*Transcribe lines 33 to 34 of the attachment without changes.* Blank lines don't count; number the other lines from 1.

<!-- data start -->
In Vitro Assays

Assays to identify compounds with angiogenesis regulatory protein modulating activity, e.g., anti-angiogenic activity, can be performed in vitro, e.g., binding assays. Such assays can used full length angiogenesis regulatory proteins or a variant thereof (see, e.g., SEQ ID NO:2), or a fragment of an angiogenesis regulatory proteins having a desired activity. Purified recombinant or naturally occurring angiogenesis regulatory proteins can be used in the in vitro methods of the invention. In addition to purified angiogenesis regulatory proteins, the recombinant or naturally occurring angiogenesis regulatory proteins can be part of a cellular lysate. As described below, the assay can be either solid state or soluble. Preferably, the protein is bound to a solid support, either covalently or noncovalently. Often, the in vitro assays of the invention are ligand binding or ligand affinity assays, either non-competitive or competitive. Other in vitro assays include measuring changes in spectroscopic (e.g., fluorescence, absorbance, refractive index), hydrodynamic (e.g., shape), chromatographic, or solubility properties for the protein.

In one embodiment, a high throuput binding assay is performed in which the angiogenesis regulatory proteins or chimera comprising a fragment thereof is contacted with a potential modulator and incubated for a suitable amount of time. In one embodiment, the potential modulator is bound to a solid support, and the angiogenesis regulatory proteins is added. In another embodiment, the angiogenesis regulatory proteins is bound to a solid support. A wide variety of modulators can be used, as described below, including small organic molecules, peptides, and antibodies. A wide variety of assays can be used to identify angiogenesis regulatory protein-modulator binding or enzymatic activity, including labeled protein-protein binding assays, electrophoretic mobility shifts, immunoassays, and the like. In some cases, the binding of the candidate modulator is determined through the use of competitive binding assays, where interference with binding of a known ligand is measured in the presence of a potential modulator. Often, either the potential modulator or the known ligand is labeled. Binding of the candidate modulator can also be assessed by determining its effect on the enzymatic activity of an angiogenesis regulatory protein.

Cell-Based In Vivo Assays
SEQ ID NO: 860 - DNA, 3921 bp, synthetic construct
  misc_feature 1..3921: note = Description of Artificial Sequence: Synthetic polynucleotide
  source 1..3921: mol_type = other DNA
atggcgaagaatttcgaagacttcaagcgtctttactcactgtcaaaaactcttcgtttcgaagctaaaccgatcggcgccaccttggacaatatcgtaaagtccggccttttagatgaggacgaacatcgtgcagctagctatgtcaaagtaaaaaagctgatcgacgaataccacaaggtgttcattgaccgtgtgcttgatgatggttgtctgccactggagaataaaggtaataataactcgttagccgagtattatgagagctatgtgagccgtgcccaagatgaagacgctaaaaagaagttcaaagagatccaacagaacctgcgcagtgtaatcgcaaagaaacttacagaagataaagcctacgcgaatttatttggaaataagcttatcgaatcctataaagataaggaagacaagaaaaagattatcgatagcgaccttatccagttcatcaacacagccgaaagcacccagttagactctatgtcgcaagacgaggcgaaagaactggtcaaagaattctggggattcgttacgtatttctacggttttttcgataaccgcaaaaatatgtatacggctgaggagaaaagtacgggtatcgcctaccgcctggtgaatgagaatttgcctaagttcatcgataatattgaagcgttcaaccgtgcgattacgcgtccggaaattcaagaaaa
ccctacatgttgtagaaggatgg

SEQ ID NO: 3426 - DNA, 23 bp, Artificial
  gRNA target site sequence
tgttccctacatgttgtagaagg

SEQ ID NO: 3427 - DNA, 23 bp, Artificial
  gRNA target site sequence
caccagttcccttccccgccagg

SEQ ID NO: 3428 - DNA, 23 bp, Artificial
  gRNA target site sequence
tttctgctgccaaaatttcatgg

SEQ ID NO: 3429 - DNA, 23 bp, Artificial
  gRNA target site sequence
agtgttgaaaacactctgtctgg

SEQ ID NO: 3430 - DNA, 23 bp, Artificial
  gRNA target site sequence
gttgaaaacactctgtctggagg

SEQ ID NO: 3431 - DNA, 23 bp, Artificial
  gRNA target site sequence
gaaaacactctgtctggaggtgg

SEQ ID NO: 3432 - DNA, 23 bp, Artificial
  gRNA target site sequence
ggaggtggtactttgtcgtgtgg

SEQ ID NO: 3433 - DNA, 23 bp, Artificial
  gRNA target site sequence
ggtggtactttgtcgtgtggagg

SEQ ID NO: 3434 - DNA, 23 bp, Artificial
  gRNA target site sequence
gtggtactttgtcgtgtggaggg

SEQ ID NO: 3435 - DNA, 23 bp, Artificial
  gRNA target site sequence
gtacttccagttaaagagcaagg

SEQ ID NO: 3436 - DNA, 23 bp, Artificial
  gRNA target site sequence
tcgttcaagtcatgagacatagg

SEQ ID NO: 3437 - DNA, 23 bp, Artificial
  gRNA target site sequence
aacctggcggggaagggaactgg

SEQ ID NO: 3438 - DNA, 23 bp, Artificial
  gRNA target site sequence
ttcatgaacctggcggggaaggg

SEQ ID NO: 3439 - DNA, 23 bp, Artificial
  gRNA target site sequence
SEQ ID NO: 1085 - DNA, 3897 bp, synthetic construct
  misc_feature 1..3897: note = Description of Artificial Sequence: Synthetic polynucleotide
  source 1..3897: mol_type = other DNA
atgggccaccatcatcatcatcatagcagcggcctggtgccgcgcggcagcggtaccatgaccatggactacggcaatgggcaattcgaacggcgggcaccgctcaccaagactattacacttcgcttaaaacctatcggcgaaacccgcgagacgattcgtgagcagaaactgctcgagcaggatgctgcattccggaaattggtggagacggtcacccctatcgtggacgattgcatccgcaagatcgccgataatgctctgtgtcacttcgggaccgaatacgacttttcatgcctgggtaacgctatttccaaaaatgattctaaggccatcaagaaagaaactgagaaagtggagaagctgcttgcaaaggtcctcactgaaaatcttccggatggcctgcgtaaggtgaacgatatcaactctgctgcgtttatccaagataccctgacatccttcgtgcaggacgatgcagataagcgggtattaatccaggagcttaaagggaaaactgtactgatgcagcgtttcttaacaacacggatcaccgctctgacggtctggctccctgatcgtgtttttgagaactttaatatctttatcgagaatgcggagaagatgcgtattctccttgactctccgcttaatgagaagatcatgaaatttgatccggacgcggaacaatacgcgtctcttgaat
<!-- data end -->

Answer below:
ggtggtactttgtcgtgtggagg

SEQ ID NO: 3434 - DNA, 23 bp, Artificial